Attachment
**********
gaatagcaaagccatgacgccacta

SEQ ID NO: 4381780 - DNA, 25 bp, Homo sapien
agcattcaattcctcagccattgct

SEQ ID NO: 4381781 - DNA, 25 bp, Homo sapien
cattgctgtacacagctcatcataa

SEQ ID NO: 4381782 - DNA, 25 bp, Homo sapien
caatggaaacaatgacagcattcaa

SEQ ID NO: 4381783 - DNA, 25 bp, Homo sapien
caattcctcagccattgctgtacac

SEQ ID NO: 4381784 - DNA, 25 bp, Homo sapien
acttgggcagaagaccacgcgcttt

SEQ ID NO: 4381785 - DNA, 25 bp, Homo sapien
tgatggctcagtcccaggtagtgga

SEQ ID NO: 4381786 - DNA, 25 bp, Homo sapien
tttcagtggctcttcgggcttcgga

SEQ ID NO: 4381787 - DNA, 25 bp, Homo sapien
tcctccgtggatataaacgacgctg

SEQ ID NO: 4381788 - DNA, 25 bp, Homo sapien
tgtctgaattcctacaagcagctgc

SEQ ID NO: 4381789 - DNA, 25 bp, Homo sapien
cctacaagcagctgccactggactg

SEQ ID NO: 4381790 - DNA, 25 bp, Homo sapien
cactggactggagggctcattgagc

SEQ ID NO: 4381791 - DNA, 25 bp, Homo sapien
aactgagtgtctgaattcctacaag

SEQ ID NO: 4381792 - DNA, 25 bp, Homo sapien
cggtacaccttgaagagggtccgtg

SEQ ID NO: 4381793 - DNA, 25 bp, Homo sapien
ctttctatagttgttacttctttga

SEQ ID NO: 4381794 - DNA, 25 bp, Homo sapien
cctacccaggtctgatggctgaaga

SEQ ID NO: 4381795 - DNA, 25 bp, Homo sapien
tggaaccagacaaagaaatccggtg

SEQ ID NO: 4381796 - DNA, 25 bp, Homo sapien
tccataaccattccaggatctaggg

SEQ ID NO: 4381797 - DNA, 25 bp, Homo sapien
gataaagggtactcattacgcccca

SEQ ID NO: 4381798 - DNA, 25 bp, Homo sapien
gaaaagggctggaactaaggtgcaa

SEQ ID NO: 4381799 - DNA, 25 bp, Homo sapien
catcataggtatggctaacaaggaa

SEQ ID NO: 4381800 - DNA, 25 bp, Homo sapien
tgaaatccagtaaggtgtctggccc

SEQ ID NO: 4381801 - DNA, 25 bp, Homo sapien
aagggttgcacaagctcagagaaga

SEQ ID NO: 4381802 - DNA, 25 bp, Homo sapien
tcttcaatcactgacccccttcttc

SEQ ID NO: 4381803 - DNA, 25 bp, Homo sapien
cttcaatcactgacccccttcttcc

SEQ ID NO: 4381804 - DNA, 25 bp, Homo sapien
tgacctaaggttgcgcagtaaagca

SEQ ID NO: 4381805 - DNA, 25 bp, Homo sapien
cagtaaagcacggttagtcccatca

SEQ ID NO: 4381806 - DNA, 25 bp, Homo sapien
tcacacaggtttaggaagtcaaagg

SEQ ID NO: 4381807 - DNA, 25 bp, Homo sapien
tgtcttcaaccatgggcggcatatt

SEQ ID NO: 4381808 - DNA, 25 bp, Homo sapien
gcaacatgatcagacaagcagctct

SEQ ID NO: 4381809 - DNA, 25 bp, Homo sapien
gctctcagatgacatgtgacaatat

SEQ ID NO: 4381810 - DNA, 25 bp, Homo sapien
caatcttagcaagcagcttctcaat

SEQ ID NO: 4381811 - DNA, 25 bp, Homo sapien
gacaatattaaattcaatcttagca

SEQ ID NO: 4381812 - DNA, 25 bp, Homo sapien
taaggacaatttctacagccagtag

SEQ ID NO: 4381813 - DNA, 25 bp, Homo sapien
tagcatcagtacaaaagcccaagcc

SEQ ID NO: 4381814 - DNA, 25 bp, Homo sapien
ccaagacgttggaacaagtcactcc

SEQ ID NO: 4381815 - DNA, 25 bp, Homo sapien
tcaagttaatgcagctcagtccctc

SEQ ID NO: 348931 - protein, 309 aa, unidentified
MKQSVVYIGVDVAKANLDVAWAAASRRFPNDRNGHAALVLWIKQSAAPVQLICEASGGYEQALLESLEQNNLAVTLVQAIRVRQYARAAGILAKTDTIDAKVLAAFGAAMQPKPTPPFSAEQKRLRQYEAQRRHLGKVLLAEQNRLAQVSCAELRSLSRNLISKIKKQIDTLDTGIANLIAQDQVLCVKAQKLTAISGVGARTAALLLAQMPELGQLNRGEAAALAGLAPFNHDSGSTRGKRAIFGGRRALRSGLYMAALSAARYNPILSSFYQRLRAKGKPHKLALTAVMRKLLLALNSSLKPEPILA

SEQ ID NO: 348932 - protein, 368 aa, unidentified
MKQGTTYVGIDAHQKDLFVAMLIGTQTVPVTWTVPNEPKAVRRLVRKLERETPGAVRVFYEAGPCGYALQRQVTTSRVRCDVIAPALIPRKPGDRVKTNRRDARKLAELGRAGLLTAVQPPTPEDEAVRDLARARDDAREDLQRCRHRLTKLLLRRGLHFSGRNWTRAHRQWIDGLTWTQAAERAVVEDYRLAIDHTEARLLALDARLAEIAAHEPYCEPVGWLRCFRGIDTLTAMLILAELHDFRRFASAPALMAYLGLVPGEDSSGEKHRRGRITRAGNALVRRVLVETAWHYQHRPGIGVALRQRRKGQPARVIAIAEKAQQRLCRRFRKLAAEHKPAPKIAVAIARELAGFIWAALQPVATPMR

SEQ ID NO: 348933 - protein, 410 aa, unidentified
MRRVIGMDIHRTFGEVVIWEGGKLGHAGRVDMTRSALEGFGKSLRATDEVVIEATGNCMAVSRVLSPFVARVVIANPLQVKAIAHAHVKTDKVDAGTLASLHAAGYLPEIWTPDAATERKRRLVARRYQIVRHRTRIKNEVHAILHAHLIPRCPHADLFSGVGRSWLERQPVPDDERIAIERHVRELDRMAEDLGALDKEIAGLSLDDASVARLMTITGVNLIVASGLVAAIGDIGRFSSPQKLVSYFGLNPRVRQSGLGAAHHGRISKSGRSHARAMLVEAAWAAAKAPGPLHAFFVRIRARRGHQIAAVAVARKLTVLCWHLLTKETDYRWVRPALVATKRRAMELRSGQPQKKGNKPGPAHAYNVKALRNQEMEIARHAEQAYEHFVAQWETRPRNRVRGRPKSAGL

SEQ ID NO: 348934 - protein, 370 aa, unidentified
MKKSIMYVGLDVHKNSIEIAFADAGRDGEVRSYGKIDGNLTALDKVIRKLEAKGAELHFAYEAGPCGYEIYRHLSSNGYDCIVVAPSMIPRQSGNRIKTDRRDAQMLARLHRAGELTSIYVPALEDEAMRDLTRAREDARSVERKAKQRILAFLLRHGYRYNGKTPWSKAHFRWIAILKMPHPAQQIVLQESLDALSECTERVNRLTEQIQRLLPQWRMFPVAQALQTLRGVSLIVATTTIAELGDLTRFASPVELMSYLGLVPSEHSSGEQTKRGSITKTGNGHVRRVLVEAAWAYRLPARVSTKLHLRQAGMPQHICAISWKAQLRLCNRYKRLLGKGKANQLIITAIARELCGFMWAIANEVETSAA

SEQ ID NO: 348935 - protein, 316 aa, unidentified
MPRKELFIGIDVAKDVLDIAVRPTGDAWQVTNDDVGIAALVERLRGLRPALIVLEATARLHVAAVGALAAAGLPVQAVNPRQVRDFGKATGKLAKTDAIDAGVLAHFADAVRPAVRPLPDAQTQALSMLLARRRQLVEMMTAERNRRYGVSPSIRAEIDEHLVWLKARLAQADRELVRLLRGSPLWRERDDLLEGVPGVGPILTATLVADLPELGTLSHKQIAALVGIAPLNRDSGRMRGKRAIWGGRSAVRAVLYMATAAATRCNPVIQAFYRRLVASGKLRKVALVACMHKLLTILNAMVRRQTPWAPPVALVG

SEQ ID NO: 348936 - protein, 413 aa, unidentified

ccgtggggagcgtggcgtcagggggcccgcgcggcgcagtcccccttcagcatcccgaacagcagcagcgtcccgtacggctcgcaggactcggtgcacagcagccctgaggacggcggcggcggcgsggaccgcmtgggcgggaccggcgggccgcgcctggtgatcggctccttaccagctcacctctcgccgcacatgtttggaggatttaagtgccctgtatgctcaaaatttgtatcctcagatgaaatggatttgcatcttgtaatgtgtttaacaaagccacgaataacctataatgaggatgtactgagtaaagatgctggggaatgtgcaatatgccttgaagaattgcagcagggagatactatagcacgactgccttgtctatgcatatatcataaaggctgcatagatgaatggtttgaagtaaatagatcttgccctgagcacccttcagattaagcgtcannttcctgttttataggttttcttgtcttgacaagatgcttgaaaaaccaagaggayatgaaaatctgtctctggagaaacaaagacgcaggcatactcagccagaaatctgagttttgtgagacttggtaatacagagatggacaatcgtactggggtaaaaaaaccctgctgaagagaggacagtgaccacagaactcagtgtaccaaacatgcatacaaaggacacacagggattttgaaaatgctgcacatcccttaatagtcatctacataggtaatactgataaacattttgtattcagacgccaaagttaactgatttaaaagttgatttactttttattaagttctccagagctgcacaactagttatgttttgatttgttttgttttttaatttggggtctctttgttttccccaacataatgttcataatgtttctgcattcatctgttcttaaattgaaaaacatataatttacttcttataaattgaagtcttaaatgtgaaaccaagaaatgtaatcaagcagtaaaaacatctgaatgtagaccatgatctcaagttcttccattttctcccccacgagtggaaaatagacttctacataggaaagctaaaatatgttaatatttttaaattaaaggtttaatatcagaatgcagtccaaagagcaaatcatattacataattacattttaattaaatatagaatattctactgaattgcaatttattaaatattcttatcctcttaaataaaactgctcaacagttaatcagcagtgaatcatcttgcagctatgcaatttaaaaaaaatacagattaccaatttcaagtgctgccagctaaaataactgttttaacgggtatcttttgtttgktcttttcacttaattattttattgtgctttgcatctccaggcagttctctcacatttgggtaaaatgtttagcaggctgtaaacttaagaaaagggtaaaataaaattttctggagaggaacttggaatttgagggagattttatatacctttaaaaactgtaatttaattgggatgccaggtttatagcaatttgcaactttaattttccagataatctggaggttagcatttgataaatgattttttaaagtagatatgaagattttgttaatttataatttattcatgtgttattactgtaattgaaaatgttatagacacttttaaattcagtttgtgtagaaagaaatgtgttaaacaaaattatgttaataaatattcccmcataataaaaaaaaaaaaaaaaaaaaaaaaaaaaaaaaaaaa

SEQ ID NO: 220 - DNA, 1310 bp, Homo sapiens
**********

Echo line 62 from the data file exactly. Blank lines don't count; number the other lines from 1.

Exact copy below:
SEQ ID NO: 4381810 - DNA, 25 bp, Homo sapien